I always remember this line in Catcher in the Rye, when Holden accuses his roommate Stradlater of being “...a secret slob.” He looks neat on the outside, but his razor is all crumby with unwashed hairs. I’m not a secret slob (take a look at the state of our kitchen right now, and you would know it’s not a secret at all). But it seems, sometimes, I’m a secret clinger.

You see, I can’t seem to let go of our wedding.

Writing this enormous set of stories was a wonderful catharsis. Looking at the photographs, nearly every day, has been a wonderful release. Last week was the Chef’s birthday. For his present, I developed several dozen of our favorite images, our hands with the rings, the nieces and nephews, both sets of parents, the two of us laughing, and many more. And then I hung them up in the living room. When he returned home from the restaurant that night, he stood in front of those photos and cried.

It was such a beautiful day, you see.

Certainly, life goes on around here. Bills to be paid, pieces to be written, and always the dishes to be done. The Chef has started a new menu at the restaurant, as part of a three-month tour of the Tastes of the African Continent. One taste of the zatar-roasted leg of lamb or the coconut crème brulee, and you will never again decry having to live a gluten-free life. I have writing to do, and more last-minute proofreading of the book. (Always, there seems to be one more page to be checked.) A thousand details rush through my mind, and only a few of them are laid to rest at the end of each day.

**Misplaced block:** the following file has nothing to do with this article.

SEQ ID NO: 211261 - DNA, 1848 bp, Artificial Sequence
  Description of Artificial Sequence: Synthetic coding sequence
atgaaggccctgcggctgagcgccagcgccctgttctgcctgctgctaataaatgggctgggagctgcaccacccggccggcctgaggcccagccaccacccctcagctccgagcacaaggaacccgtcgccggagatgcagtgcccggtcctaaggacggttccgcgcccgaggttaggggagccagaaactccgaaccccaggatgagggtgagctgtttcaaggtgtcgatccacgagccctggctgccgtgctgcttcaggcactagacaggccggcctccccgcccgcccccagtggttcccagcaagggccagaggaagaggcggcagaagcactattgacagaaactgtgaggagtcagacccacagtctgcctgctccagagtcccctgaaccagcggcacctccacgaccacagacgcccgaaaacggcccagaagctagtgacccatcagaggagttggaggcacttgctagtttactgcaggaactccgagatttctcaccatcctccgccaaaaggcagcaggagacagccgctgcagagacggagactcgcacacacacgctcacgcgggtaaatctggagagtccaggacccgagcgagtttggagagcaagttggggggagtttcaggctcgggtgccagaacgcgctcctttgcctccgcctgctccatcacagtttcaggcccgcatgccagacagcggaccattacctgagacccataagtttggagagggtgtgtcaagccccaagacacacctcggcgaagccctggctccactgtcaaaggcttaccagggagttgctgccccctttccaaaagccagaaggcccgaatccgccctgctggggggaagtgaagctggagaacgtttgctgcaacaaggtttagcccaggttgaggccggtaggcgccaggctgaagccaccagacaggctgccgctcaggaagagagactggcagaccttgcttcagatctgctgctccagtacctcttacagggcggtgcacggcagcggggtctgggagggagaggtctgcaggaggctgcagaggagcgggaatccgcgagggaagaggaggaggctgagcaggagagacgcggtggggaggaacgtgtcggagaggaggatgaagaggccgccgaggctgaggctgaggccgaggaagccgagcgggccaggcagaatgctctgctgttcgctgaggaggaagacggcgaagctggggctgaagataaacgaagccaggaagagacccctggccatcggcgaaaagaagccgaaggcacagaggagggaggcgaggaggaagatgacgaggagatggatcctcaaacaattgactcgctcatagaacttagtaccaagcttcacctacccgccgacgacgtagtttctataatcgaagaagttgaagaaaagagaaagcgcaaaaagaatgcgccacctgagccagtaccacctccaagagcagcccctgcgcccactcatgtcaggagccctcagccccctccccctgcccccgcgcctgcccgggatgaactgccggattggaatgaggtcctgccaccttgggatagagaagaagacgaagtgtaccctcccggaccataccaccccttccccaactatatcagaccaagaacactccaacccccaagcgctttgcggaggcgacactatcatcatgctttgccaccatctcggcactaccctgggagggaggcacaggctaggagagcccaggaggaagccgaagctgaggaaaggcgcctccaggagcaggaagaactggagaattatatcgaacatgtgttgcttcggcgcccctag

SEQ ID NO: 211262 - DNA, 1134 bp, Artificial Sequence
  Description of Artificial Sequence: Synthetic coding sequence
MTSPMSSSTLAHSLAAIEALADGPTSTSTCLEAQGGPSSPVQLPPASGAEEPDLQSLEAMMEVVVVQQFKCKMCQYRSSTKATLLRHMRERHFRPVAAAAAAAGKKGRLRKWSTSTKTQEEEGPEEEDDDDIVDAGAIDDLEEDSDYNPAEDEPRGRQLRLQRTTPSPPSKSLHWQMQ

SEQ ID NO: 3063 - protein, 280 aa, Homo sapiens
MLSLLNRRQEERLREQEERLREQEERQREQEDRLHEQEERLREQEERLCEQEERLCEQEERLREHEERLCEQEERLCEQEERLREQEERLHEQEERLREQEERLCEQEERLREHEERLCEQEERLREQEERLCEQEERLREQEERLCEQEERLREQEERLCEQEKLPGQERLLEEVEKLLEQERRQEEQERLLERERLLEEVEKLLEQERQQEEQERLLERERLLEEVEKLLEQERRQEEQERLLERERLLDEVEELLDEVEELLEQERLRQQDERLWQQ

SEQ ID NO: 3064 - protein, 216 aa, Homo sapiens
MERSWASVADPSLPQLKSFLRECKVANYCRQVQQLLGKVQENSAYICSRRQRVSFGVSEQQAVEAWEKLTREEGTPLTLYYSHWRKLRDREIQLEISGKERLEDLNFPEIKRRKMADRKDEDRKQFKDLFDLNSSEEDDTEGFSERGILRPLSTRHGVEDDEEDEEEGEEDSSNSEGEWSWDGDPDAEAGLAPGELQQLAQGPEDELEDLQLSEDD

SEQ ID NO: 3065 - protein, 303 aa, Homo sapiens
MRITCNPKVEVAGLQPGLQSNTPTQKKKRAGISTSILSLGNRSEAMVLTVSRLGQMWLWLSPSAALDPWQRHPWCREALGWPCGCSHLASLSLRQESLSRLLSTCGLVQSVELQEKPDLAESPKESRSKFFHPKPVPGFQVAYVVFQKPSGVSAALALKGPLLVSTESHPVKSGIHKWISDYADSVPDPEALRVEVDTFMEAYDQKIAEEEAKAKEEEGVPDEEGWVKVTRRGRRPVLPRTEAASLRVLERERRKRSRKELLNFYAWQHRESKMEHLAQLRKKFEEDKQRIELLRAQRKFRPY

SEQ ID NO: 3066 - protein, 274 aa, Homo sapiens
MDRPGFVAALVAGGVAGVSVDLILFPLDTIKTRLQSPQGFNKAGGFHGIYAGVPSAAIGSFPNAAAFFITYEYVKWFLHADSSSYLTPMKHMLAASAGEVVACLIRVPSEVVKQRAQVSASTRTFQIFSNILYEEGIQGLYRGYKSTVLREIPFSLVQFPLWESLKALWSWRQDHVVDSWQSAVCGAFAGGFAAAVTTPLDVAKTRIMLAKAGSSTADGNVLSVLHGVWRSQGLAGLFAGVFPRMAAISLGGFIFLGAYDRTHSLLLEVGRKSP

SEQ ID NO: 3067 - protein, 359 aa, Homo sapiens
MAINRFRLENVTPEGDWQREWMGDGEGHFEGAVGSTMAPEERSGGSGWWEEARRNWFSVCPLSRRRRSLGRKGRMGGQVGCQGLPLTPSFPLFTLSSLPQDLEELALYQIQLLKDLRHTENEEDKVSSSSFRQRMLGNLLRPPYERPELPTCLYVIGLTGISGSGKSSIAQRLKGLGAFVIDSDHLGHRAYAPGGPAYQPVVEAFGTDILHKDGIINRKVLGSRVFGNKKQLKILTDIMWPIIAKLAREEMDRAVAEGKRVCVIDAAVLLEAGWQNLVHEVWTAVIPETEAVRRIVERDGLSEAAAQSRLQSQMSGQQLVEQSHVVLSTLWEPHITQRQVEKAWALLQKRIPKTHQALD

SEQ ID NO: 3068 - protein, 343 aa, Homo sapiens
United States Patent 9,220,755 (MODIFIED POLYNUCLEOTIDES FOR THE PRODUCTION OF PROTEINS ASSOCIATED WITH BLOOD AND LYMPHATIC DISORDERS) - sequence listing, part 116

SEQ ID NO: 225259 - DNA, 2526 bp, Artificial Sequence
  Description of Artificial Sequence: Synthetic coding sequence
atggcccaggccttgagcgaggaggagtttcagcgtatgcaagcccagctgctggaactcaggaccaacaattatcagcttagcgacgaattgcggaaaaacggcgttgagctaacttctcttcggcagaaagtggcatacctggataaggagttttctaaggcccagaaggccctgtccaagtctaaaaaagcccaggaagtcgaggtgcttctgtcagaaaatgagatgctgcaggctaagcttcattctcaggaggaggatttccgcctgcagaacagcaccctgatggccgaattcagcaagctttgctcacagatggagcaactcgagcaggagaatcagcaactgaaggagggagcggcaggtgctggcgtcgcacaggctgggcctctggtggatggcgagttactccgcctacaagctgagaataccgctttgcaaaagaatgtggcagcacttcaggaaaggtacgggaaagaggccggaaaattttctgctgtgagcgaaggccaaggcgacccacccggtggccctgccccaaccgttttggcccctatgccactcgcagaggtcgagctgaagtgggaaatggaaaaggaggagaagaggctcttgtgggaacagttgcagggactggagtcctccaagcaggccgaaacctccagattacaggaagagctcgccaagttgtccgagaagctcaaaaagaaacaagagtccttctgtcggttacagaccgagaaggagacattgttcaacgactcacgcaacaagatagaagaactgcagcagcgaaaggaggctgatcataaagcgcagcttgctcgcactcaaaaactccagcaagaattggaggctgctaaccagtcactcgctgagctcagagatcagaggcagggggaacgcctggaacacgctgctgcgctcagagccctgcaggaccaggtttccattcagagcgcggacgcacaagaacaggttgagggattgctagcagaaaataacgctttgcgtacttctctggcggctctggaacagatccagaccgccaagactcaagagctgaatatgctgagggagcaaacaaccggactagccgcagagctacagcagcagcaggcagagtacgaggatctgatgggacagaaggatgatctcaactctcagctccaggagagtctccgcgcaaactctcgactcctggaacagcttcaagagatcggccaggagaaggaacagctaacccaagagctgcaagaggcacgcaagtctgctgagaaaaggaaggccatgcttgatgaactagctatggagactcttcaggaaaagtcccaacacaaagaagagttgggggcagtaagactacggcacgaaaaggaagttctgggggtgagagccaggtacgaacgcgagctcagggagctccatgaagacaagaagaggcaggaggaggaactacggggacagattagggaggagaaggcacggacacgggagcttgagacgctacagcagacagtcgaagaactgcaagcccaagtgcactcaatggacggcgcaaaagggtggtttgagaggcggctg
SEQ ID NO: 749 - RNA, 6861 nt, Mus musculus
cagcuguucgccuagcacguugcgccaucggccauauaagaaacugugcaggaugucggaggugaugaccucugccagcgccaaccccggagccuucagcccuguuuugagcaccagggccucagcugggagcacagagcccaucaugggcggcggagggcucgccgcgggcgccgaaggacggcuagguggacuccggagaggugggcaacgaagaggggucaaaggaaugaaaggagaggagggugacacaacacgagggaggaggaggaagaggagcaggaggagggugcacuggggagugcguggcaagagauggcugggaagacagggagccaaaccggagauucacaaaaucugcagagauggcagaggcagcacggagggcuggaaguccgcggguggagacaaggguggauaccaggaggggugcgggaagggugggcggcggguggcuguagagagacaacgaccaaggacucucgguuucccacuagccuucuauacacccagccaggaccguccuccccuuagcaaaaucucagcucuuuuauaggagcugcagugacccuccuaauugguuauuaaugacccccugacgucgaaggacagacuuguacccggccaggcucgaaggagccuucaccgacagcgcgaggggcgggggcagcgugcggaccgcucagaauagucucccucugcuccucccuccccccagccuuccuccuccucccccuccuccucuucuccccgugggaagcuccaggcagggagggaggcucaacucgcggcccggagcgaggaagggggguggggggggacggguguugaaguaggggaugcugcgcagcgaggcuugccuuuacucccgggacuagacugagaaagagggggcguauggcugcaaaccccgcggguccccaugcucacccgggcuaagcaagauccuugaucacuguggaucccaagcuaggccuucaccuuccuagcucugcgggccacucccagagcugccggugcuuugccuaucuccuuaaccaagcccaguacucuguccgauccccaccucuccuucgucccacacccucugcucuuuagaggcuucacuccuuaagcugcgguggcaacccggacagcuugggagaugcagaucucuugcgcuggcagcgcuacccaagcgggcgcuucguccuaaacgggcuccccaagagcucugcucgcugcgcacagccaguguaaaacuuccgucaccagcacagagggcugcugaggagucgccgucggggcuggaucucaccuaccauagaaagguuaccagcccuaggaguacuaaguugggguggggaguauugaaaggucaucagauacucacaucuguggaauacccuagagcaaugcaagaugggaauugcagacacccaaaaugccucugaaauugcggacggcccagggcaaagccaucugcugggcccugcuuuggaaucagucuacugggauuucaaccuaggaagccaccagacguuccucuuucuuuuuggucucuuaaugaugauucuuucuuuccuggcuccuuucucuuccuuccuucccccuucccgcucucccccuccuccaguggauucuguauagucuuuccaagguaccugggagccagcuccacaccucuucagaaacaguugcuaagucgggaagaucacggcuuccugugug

We’re busy around here.

But still, I keep writing about the wedding.

caprese salad at molly's wedding

Of course, it doesn’t help that I’ve attended two other weddings in the last two weekends. I go years without sitting on a white chair, wiping away the tears from my eyes as two people declare their love for each other. But this summer, it has been wedding central.

Two weeks after our wedding, Molly and Brandon married each other. Actually, that’s not quite true. I was the person who married them. I felt more honored than words could convey that these two people I love asked me to stand before them and pronounce them husband and wife. (In case you’re wondering, I’m a Minister of the Internet, a preacher of life.) As I stood next to Brandon, under the tent, the sea behind us, and watched Molly walk down the aisle toward him, I grew more teary than I had at my own wedding. I looked over at the Chef, in the third aisle back, wearing his sky-blue shirt. We winked at each other. We were already married.

Of course, I could tell you so many details about Molly and Brandon’s wedding, of the lovely weekend in Bellingham. But that is her story. And I will let her tell it. Suffice it to say there were glasses of sparkling wine, jars of pickled carrots, hanging flowers in mason jars, fresh caprese salads, and a special plate of appetizers set aside for me. Gluten-free. Mostly, there was a beautiful bride, and an ebullient groom, and the loving people thronged around them to watch their first dance.